1) Visual Authoring Process: MMI designers use Visual Authoring Tool to compose each MMI according to the MMI requirement specification for particular utility. The authoring tool is visualized and very user-friendly. After save the results in SVG files and use SVG Parser to parse these files, we can get the MMI data for Generic MMI Engine at the end of Visual Authoring Process. For instance, MMI designers use Visual Authoring Tool to compose the MMIs of Booting Utility and Pre-OS Utility, and then generate the Booting MMI Data and Pre-OS MMI Data.

2) Generic MMI Engine: Programmers do not need to write any MMI programs, but they have to program the related functions for MMIs. We design the Generic MMI Engine as common code, and it invokes these MMI related functions. This engine also cooperates with the Management API of storage systems. The design of Generic MMI Engine is OS independent, and we separate the OS dependent functions to OS Dependent APIs. This design is helpful to implement utilities in various environments.

The 3) Driver Layer and 4) Embedded Firmware are the same as the ones in the conventional software framework for MMIs of storage systems.

After MMI designers finish the Visual Authoring Process and programmers write the related functions for MMIs, we can come out the particular utility for storage systems with the MMI Data, Generic MMI Engine, and Management API. This utility still needs Driver Layer to pass commands to Embedded Firmware of storage systems.

3.3 Implementation of Visual MMI Development for Storage Systems

To implement the Visual MMI Development for Storage Systems, we must consider five key components: 1) Visual Authoring Tool – Inkscape, 2) SVG Files, 3) SVG Parser, 4) MMI Data, and 5) Generic MMI Engine.

The first phase of Visual MMI Development for Storage Systems is Visual Authoring Process. We illustrate this procedure in figure 13, and describe the details of this process in the following sections.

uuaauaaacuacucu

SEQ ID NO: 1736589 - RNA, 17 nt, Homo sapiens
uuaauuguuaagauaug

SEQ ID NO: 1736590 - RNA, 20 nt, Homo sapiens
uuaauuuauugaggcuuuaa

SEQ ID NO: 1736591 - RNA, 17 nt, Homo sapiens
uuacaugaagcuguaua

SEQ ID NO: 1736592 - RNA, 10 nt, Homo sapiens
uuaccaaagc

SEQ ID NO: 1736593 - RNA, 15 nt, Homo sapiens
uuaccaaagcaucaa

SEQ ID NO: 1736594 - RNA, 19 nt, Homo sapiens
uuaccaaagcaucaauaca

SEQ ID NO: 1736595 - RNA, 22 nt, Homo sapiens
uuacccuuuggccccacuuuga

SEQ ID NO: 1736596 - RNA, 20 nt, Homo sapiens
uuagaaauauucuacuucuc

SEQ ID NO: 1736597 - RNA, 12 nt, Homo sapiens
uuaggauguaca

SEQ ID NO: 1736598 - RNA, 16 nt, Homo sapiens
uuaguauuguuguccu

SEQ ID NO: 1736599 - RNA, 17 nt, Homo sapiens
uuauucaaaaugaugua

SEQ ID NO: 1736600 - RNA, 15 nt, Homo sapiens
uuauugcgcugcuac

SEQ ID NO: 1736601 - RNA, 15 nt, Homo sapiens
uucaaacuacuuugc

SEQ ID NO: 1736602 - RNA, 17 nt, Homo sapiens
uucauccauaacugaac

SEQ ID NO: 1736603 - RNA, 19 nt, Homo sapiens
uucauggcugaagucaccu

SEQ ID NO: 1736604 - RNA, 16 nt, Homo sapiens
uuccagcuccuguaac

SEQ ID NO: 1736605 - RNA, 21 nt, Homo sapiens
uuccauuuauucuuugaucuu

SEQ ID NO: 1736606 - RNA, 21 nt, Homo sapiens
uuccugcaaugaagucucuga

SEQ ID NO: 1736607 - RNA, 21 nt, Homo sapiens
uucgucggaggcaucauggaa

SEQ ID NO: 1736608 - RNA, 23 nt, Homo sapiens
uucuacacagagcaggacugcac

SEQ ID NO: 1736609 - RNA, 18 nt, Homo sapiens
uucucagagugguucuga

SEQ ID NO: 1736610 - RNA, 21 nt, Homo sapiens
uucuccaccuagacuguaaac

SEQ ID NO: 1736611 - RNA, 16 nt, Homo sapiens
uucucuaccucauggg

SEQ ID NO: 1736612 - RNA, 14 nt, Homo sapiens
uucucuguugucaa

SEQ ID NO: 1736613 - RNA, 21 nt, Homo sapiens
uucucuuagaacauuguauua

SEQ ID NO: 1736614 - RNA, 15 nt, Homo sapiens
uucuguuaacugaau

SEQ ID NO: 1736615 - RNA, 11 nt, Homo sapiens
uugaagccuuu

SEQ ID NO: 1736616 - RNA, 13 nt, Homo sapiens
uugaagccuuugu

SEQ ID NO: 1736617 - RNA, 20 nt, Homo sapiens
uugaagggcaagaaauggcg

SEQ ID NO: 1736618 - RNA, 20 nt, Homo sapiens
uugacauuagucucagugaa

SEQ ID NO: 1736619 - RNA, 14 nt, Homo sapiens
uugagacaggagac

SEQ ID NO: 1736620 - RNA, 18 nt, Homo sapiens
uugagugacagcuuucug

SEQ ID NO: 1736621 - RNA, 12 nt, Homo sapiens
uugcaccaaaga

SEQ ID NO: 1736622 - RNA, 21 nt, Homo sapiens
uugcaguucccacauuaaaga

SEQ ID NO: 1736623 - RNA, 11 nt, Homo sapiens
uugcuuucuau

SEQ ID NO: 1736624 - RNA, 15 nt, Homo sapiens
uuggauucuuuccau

Figure 13. Visual Authoring Process

3.3.1 Visual Authoring Tool -- Inkscape

In our implementation, we choose Inkscape [12] as Visual Authoring Tool. Inkscape is an open source vector graphics editor, with capabilities similar to Illustrator, Freehand, CorelDraw, or Xara X using the W3C [13] standard Scalable Vector Graphics (SVG) file format. Supported SVG features include shapes, paths, text, markers, clones, alpha blending, transforms, gradients, patterns, and grouping. Inkscape also supports Creative Commons meta-data, node editing, layers, complex path operations, bitmap tracing, text-on-path, flowed text, direct XML editing, and more. It imports formats such as JPEG, PNG, TIFF, and others and exports PNG as well as multiple vector-based formats.

The main goal of Inkscape is to create a powerful and convenient drawing tool fully compliant with XML, SVG, and CSS standards. Therefore, it is very suitable for the Visual Authoring Process of Visual MMI Development for Storage Systems.

In figure 14, it is a snapshot of the Inkscape usage.

Figure 14. Visual Authoring Tool -- Inkscape